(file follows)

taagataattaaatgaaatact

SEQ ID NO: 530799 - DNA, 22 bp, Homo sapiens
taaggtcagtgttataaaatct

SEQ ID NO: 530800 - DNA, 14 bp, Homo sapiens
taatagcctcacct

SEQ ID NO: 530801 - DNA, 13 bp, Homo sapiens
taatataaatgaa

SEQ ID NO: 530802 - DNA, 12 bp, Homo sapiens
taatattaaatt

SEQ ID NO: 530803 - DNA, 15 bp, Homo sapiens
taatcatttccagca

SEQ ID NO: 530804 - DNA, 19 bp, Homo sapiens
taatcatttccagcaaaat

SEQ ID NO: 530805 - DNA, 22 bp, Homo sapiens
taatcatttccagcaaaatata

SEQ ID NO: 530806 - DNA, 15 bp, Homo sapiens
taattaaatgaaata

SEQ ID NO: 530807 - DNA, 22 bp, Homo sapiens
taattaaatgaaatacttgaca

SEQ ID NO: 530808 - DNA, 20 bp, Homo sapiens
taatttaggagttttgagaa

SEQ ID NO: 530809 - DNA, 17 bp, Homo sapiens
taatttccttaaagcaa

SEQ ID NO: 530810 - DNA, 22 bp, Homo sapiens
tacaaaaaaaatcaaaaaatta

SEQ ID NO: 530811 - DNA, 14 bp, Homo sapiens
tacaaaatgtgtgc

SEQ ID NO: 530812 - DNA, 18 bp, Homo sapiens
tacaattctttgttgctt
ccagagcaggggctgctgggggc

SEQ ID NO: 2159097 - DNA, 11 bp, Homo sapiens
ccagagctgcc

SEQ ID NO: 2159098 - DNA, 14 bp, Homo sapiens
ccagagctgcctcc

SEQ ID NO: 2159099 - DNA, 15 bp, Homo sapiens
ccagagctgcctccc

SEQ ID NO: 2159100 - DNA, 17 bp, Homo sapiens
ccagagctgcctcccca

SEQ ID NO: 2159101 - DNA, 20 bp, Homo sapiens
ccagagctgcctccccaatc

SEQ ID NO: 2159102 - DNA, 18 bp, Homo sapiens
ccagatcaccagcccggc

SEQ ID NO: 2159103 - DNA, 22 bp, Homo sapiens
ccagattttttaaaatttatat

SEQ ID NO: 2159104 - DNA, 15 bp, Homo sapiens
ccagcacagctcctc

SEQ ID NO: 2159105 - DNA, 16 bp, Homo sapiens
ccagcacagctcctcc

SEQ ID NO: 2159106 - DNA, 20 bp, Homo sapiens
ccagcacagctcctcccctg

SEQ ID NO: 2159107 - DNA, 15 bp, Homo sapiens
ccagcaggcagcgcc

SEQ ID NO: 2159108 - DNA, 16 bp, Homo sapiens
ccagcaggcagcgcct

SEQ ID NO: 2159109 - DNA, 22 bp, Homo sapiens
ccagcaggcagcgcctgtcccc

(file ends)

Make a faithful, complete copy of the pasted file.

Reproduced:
taagataattaaatgaaatact

SEQ ID NO: 530799 - DNA, 22 bp, Homo sapiens
taaggtcagtgttataaaatct

SEQ ID NO: 530800 - DNA, 14 bp, Homo sapiens
taatagcctcacct

SEQ ID NO: 530801 - DNA, 13 bp, Homo sapiens
taatataaatgaa

SEQ ID NO: 530802 - DNA, 12 bp, Homo sapiens
taatattaaatt

SEQ ID NO: 530803 - DNA, 15 bp, Homo sapiens
taatcatttccagca

SEQ ID NO: 530804 - DNA, 19 bp, Homo sapiens
taatcatttccagcaaaat

SEQ ID NO: 530805 - DNA, 22 bp, Homo sapiens
taatcatttccagcaaaatata

SEQ ID NO: 530806 - DNA, 15 bp, Homo sapiens
taattaaatgaaata

SEQ ID NO: 530807 - DNA, 22 bp, Homo sapiens
taattaaatgaaatacttgaca

SEQ ID NO: 530808 - DNA, 20 bp, Homo sapiens
taatttaggagttttgagaa

SEQ ID NO: 530809 - DNA, 17 bp, Homo sapiens
taatttccttaaagcaa

SEQ ID NO: 530810 - DNA, 22 bp, Homo sapiens
tacaaaaaaaatcaaaaaatta

SEQ ID NO: 530811 - DNA, 14 bp, Homo sapiens
tacaaaatgtgtgc

SEQ ID NO: 530812 - DNA, 18 bp, Homo sapiens
tacaattctttgttgctt
ccagagcaggggctgctgggggc

SEQ ID NO: 2159097 - DNA, 11 bp, Homo sapiens
ccagagctgcc

SEQ ID NO: 2159098 - DNA, 14 bp, Homo sapiens
ccagagctgcctcc

SEQ ID NO: 2159099 - DNA, 15 bp, Homo sapiens
ccagagctgcctccc

SEQ ID NO: 2159100 - DNA, 17 bp, Homo sapiens
ccagagctgcctcccca

SEQ ID NO: 2159101 - DNA, 20 bp, Homo sapiens
ccagagctgcctccccaatc

SEQ ID NO: 2159102 - DNA, 18 bp, Homo sapiens
ccagatcaccagcccggc

SEQ ID NO: 2159103 - DNA, 22 bp, Homo sapiens
ccagattttttaaaatttatat

SEQ ID NO: 2159104 - DNA, 15 bp, Homo sapiens
ccagcacagctcctc

SEQ ID NO: 2159105 - DNA, 16 bp, Homo sapiens
ccagcacagctcctcc

SEQ ID NO: 2159106 - DNA, 20 bp, Homo sapiens
ccagcacagctcctcccctg

SEQ ID NO: 2159107 - DNA, 15 bp, Homo sapiens
ccagcaggcagcgcc

SEQ ID NO: 2159108 - DNA, 16 bp, Homo sapiens
ccagcaggcagcgcct

SEQ ID NO: 2159109 - DNA, 22 bp, Homo sapiens
ccagcaggcagcgcctgtcccc